Is Constant Connectivity Making us Rude?

September 25, 2012

Over a year ago now, Enda Kenny attacked the Vatican in an unprecedented manner. Yesterday he disrespected the Pope again, but this time in a manner all too familiar – by means of mobile phone. No, he didn’t berate him by telephone call, nor did he send him a nasty text. He simply ignored him, in favour of his iPhone. Maybe he was being intentionally disrespectful, but in all likelihood, he didn’t think twice about it. For many, this is now a natural way of behaving.

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Technology is changing how we interact, all the time. Of course, we interact through technology, but technology also affects how we interact in person. In the past, when you were at a presentation, your attention was on the presenter. Now, it’s usually on their slides.  When you were at a dinner, or a lunch, the only thing that might interrupt proceedings was a waiter or a trip to the bathroom. Any meeting can now be interrupted by a call, email, text, tweet, Whatsapp, Heytell, Facebook message…..the means are endless.

The readiness with which people will embrace outside communication in a meeting is a function of many things; how important the meeting is, how much of their attention is required, what urgent issues they are simultaneously dealing with, and ultimately, how much respect they have for the person or people they are meeting (and how easily they’ll be forgiven).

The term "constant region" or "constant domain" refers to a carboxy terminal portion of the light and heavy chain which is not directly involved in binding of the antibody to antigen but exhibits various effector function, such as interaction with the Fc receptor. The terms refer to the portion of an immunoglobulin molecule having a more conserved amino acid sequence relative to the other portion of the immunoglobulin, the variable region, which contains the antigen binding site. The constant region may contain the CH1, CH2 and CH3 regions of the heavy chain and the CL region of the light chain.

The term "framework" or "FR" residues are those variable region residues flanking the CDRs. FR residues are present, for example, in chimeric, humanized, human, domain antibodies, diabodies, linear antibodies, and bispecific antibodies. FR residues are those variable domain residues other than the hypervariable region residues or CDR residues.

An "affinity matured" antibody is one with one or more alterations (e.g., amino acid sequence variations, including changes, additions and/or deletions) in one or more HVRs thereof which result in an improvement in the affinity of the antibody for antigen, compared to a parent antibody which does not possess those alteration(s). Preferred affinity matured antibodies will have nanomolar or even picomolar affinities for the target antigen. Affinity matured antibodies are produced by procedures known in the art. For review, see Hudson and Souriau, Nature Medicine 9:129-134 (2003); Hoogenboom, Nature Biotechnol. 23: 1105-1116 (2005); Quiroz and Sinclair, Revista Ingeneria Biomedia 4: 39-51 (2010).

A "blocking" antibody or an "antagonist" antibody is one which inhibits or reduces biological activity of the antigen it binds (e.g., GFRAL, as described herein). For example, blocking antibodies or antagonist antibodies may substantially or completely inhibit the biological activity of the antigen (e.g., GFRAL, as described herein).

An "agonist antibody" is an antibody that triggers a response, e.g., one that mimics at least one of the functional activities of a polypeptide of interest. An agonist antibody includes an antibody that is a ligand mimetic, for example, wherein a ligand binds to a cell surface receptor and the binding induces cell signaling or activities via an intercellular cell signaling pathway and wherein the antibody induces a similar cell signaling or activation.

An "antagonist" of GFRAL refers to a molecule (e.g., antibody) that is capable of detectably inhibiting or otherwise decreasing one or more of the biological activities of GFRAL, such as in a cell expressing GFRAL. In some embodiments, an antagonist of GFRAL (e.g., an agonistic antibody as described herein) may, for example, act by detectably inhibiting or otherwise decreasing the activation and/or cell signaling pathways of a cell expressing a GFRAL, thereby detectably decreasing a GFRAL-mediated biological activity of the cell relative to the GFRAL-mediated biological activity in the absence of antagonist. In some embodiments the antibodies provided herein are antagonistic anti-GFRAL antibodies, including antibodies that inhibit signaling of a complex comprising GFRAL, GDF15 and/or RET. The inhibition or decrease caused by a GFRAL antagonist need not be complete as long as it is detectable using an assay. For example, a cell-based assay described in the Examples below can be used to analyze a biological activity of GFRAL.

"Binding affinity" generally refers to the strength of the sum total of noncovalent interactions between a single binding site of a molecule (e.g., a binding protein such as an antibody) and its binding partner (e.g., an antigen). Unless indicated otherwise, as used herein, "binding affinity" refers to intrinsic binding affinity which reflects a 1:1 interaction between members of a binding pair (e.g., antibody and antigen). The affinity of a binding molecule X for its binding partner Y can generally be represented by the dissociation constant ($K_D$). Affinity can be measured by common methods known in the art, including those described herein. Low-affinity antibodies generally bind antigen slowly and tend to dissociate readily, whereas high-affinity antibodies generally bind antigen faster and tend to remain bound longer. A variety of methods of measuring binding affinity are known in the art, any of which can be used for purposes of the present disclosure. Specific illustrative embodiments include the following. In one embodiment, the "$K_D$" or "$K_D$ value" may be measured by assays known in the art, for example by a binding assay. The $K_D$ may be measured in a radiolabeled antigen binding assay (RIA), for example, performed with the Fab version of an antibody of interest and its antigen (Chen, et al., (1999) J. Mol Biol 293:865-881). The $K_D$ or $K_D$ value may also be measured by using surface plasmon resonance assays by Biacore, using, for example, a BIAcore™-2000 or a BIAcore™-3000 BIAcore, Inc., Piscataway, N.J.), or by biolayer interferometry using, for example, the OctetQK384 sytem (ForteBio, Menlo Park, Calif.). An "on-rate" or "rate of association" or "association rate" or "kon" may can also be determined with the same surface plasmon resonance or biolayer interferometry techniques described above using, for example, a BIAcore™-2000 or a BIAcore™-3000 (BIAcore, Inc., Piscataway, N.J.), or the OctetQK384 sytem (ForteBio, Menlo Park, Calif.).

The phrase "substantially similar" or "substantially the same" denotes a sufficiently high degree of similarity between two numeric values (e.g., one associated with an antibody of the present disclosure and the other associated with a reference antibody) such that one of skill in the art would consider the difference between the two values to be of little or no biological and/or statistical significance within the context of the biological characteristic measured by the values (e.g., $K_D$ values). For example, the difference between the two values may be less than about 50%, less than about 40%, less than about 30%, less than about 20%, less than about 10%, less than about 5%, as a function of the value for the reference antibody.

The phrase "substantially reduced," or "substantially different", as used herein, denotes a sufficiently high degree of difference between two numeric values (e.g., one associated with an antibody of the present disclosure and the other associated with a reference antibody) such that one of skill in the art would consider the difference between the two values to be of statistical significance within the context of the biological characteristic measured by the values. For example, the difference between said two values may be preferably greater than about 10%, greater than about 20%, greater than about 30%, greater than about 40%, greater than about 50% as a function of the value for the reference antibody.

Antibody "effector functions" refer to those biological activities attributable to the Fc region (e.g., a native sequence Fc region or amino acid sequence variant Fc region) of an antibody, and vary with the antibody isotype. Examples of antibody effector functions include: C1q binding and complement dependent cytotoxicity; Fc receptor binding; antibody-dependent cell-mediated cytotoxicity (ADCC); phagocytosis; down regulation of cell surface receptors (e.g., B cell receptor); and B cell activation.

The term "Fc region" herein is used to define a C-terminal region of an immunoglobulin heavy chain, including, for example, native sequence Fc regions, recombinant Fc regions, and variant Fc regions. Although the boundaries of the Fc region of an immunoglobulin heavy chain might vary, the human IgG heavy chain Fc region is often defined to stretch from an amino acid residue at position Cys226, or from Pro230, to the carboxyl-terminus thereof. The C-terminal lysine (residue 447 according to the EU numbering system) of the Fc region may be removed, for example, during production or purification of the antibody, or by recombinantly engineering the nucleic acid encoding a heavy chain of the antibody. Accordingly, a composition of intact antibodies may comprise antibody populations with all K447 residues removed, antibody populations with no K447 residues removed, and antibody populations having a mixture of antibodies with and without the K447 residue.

Some of this is forgivable and some is not. Trying to look busy and important, for example, is not forgivable. Happening to have an emergency on the boil while you’re at another meeting, is understandable. A quick; ‘I’m very sorry, but I’m going to have to keep an eye on my email and might have to take a call during this, please excuse me if I do’, doesn’t take much. 

Maybe I’m being overreacting. Recently at a planning day, one member of our group spent much of his time on his iPad, presumably reading and writing emails. He wasn’t crucial to proceedings, so apart from being vaguely miffed, I thought little of it. It transpired a few days later that he was in fact, taking detailed notes. My bad. I should actually have been flattered. 

So maybe Enda Kenny was taking detailed notes, or maybe he was using Voice Record to capture ever word. But, people should take more care in considering the impression they give in these situations. When they’ve accepted a meeting invitation, it shouldn’t be too much to expect their undivided attention. 

-Claire

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